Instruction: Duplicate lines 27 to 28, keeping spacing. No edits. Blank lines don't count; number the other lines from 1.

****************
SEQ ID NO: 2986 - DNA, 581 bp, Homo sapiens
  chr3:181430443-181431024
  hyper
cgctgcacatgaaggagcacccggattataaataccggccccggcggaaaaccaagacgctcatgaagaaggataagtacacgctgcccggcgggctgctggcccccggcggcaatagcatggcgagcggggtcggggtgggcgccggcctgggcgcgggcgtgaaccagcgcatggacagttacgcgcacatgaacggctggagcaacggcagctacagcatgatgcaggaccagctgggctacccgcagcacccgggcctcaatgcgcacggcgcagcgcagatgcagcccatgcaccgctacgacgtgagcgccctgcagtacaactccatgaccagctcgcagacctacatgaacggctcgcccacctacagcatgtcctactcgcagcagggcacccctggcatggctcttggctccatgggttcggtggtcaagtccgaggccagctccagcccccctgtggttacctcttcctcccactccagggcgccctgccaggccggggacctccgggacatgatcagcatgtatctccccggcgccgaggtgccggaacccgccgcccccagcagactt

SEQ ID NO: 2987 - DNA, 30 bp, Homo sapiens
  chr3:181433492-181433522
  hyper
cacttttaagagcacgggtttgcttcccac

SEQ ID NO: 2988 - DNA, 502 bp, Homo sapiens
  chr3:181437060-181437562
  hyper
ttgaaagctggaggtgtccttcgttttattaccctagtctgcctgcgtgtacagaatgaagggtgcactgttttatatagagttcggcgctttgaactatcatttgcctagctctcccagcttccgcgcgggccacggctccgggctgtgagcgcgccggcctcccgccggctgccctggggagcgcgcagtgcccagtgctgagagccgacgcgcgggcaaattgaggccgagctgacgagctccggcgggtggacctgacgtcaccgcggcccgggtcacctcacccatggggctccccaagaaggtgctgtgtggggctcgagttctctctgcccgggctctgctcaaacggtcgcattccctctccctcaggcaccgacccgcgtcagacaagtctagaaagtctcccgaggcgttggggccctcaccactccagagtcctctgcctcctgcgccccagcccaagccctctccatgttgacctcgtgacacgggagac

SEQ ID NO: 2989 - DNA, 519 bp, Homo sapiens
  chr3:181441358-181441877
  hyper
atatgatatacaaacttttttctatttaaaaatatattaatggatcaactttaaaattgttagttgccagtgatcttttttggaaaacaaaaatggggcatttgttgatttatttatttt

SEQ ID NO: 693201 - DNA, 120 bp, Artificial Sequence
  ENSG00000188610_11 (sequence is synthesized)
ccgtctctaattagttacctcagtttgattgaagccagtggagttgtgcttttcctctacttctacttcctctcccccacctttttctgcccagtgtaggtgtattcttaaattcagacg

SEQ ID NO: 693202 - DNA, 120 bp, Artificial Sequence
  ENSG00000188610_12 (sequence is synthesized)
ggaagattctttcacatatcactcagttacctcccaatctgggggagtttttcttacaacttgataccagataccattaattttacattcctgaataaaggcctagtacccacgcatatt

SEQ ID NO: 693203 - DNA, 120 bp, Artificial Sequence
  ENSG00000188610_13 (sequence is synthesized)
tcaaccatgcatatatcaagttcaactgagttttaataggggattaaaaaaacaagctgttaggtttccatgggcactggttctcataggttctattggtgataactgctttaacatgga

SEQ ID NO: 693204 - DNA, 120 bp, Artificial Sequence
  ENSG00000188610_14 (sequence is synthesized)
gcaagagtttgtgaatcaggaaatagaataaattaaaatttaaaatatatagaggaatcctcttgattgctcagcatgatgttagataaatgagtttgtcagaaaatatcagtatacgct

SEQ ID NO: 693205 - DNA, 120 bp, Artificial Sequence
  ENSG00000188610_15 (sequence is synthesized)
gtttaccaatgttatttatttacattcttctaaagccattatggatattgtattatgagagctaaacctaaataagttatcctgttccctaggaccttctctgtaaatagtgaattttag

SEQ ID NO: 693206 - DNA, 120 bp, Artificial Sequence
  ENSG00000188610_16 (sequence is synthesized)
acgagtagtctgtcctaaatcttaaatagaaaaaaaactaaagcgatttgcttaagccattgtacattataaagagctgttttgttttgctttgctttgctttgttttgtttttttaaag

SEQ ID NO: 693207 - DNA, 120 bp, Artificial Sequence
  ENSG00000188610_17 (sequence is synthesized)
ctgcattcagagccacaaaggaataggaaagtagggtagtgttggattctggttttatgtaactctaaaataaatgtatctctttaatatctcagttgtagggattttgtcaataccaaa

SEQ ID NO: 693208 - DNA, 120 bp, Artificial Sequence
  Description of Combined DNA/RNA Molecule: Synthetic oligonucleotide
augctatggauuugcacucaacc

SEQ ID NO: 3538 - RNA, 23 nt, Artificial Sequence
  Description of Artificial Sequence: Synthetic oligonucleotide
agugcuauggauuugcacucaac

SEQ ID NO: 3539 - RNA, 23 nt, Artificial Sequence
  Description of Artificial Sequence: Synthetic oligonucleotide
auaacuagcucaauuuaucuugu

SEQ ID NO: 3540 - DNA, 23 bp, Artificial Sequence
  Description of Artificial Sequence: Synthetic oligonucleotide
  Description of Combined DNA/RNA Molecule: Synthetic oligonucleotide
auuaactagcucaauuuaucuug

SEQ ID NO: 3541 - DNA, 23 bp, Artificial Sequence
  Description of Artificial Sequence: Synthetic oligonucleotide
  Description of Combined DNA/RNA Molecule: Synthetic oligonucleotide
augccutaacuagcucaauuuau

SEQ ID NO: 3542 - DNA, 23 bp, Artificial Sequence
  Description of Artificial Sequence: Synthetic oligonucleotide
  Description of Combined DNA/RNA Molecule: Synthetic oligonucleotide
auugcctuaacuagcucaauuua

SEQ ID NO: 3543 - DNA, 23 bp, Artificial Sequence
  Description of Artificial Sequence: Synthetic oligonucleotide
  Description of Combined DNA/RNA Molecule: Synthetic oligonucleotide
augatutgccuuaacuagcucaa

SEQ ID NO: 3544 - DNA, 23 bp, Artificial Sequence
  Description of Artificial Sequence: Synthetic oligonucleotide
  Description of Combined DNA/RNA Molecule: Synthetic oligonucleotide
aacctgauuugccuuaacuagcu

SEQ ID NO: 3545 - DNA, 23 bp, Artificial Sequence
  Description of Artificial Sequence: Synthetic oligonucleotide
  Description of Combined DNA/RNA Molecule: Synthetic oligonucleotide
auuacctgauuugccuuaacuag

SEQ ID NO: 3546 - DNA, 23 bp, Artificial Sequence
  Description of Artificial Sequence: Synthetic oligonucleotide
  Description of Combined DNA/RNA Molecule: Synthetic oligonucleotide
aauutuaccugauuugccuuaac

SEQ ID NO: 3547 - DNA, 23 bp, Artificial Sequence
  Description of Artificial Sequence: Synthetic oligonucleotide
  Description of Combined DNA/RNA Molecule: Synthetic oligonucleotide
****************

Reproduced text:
  ENSG00000188610_14 (sequence is synthesized)
gcaagagtttgtgaatcaggaaatagaataaattaaaatttaaaatatatagaggaatcctcttgattgctcagcatgatgttagataaatgagtttgtcagaaaatatcagtatacgct